First, the good news: Sony is profitable again, beating expectations with its most recent earnings report. For the quarter ending June 30, 2006, the electronics giant reported net income--what laypeople like to call "profit"--of 32.29 billion yen ($279.4 million). The figure was a massive improvement over the same quarter in 2005, which saw Sony take a 6.58 billion yen ($56.9 million) loss. The company credited its turnaround to strong sales of digital cameras and improved currency exchange rates.
Now, the bad news: Sony's financial gains were hindered by a big shortfall at its game division, Sony Computer Entertainment. The department saw a year-on-year decrease of 29.1 percent in revenue, dropping from 172.8 billion yen ($1.5 billion) to 122.5 billion yen ($1.06 billion). In turn, SCE's operating loss ballooned by 20.9 billion yen ($181 million), going from 5.9 billion yen ($51.1 million) to 26.8 billion yen ($232.1 million).
One factor in Sony's misfortunes was its current-gen platforms. The PlayStation Portable was a bright spot, seeing a year-on-year increase of 4.2 million units in quarterly software sales to 9.1 million units. However, PSP hardware sales were down a modest 70,000 units to 2.02 million units. Quarterly PlayStation 2 hardware sales fell much further, sinking nearly 1 million units to 2.54 million. Software for the console was also off, falling 2 million units to 33 million.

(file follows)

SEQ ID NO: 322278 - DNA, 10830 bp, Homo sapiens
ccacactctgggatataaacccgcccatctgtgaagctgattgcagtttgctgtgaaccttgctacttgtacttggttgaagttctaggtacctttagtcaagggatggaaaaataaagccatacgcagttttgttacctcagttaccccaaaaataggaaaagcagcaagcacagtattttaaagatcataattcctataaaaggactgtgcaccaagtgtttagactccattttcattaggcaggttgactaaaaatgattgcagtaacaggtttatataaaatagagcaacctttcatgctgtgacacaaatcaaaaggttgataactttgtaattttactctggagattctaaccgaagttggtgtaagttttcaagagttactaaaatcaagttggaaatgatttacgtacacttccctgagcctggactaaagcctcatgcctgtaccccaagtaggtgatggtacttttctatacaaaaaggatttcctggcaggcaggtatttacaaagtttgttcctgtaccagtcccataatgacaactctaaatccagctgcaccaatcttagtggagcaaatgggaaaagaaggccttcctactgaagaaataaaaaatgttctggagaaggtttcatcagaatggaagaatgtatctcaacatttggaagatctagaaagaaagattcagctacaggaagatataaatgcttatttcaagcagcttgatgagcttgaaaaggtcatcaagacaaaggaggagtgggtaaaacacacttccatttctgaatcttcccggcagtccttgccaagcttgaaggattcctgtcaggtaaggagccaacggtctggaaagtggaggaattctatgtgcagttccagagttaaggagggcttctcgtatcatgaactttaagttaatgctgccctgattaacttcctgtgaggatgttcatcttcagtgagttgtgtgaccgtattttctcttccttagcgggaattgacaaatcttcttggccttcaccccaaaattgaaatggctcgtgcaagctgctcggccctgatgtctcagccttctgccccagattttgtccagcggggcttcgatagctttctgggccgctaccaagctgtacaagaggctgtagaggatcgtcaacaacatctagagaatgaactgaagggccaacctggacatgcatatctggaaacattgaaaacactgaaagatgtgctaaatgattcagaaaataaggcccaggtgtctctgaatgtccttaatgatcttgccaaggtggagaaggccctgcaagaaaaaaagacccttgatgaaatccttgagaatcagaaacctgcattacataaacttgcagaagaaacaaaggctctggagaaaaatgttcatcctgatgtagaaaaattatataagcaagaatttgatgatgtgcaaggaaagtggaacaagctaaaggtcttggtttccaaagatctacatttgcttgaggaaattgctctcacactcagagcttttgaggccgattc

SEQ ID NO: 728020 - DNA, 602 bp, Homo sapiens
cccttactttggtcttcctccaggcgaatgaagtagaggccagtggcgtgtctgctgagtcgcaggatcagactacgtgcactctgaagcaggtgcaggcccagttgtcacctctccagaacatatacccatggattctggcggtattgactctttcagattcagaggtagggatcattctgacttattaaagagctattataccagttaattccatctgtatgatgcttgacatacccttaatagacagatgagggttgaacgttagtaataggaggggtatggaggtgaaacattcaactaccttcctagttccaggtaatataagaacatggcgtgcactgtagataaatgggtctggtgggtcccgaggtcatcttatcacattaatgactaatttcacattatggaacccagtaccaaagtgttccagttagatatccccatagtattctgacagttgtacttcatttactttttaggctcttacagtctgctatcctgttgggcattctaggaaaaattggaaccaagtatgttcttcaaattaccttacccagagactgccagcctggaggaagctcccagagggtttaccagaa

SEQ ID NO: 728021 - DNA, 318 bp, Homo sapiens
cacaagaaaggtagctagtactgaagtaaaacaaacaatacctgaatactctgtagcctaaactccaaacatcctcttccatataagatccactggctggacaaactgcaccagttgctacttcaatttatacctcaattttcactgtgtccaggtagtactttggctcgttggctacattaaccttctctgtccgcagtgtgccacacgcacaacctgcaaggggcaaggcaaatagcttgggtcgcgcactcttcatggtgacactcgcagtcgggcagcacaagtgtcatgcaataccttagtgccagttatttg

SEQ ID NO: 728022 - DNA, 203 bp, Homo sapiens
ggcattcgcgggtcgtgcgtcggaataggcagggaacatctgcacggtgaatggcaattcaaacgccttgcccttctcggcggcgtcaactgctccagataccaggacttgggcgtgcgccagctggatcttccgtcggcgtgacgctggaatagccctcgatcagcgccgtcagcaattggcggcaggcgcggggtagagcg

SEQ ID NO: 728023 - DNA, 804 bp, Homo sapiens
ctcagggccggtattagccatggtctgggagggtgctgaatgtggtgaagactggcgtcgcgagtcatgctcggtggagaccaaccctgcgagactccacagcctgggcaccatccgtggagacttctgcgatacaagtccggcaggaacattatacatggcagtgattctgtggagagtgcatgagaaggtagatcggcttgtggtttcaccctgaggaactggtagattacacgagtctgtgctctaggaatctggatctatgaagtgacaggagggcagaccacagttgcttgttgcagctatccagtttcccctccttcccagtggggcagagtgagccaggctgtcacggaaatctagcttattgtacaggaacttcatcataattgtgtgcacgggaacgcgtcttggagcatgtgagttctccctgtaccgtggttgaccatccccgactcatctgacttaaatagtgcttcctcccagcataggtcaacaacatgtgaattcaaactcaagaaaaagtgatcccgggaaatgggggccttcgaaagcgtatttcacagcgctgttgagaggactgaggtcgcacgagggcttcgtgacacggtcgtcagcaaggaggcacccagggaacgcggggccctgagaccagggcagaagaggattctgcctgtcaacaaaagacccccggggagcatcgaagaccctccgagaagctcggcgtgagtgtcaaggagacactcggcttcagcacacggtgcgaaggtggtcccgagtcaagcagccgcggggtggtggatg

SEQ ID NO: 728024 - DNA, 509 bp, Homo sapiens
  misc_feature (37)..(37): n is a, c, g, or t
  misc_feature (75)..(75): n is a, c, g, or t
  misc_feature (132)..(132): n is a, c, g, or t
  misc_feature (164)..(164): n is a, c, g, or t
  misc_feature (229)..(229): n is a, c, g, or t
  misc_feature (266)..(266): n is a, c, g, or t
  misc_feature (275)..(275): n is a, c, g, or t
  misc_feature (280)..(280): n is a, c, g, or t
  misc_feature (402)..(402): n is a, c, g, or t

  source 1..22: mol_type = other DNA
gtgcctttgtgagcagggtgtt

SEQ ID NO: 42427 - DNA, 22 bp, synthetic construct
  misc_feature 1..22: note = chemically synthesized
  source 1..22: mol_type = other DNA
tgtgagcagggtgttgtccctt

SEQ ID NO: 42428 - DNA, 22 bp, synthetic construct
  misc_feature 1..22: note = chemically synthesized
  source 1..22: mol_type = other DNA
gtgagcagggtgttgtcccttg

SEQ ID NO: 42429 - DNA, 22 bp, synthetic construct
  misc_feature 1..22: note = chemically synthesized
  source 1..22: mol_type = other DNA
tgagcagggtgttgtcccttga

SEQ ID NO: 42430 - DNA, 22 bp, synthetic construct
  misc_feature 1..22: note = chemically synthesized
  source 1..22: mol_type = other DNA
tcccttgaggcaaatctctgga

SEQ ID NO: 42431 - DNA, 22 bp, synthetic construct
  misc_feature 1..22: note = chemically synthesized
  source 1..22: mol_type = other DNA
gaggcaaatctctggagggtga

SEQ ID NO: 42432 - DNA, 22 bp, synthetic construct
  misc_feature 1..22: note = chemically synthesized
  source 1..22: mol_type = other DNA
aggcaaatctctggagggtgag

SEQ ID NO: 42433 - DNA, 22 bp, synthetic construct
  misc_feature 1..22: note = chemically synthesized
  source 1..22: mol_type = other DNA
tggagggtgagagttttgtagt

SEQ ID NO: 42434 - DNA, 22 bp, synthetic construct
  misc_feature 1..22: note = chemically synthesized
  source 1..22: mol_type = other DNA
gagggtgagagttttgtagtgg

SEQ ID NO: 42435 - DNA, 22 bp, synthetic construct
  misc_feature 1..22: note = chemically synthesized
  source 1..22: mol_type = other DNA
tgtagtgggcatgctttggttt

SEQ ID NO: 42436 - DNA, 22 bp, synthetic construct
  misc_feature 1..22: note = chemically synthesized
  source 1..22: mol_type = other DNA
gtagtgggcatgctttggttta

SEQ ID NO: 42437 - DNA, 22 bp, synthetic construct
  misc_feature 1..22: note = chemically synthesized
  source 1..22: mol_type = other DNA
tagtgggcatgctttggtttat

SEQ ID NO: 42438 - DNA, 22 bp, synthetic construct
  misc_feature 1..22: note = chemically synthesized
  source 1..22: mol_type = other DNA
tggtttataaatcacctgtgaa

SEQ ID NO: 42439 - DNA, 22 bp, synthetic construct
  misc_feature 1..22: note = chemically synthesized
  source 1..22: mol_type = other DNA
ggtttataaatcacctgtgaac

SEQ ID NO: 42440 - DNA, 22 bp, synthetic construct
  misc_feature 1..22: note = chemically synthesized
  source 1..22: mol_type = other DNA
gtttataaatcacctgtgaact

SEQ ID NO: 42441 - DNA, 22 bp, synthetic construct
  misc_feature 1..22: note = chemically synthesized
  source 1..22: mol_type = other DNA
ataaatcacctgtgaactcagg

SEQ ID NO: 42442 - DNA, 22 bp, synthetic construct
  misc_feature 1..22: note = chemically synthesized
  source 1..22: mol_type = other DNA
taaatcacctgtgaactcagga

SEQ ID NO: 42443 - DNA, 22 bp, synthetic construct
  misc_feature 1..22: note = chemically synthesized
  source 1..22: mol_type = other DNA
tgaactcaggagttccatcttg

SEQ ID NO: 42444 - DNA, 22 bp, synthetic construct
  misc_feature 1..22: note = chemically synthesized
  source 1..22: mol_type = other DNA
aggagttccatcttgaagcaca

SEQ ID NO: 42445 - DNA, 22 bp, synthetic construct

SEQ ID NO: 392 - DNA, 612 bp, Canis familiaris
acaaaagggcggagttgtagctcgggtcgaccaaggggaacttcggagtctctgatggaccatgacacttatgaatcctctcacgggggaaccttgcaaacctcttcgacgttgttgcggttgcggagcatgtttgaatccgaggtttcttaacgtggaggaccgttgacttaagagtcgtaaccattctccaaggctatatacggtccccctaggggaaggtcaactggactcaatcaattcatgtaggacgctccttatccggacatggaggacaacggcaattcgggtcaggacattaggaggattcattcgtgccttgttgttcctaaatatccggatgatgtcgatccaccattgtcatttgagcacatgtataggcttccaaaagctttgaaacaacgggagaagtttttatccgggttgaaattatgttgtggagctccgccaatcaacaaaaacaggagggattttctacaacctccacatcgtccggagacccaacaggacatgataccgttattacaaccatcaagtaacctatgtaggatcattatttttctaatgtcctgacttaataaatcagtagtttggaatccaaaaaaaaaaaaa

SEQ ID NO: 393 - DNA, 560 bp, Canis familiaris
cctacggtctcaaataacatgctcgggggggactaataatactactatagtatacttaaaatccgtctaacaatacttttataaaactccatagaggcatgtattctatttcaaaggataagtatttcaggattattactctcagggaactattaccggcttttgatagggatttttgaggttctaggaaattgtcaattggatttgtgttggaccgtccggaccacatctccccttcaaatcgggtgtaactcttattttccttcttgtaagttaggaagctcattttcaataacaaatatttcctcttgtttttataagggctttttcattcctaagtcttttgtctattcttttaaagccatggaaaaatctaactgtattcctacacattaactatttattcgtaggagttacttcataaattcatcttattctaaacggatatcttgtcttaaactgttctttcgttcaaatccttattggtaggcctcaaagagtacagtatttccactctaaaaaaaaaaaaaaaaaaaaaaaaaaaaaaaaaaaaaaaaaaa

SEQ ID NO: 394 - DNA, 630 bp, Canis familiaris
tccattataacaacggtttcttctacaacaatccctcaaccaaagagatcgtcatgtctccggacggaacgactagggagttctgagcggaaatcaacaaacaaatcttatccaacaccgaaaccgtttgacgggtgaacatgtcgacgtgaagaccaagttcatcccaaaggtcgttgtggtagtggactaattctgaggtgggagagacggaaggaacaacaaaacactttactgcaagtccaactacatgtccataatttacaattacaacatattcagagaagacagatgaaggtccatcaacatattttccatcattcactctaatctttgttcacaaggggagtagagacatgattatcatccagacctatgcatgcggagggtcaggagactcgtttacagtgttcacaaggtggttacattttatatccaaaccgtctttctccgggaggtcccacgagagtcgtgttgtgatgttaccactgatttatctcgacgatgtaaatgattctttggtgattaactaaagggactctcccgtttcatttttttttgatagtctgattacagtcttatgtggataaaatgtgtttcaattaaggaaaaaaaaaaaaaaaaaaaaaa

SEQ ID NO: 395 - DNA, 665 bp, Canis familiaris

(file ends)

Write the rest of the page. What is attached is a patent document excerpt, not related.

But while the PS2 and PSP's fortunes were mixed, they at least brought revenue into Sony's coffers. The same can't be said for the yet-to-be-released next-generation console, the PlayStation 3, which was, by Sony's own admission, a financial sinkhole. "The [quarterly financial SCE earnings] deterioration was due primarily to the recording of charges associated with the preparation of the launch of the PS3 platform, in addition to continued high research and development costs associated with PS3," said Sony in its earnings report. The company did not give specific financial figures for R&D costs for the PS3, which will ship worldwide in mid-November.
[UPDATE] But while (obviously) no PS3s are in the retail channel now, that will soon change. As part of its report, Sony repeated that it plans to ship 6 million units of the next-gen console during its current fiscal year, which ends on March 31, 2007. During that same period, the company says it will ship 10 to 11 million PS2s.
Sony's forecast added to analysts' resurgent optimism about the game industry. "We believe that the prevailing negative sentiment in the sector is beginning to wane somewhat ahead of the launches of Sony's PS3 and Nintendo's Wii," said Lazard Capital Markets senior researcher Colin Sebastian. "While a slowdown in current-generation product sales is still possible in [the second half of 2006] as consumers await the release of new hardware, we note there are a few offsetting tailwinds, including a stronger software release schedule and easing year-over-year growth comparisons."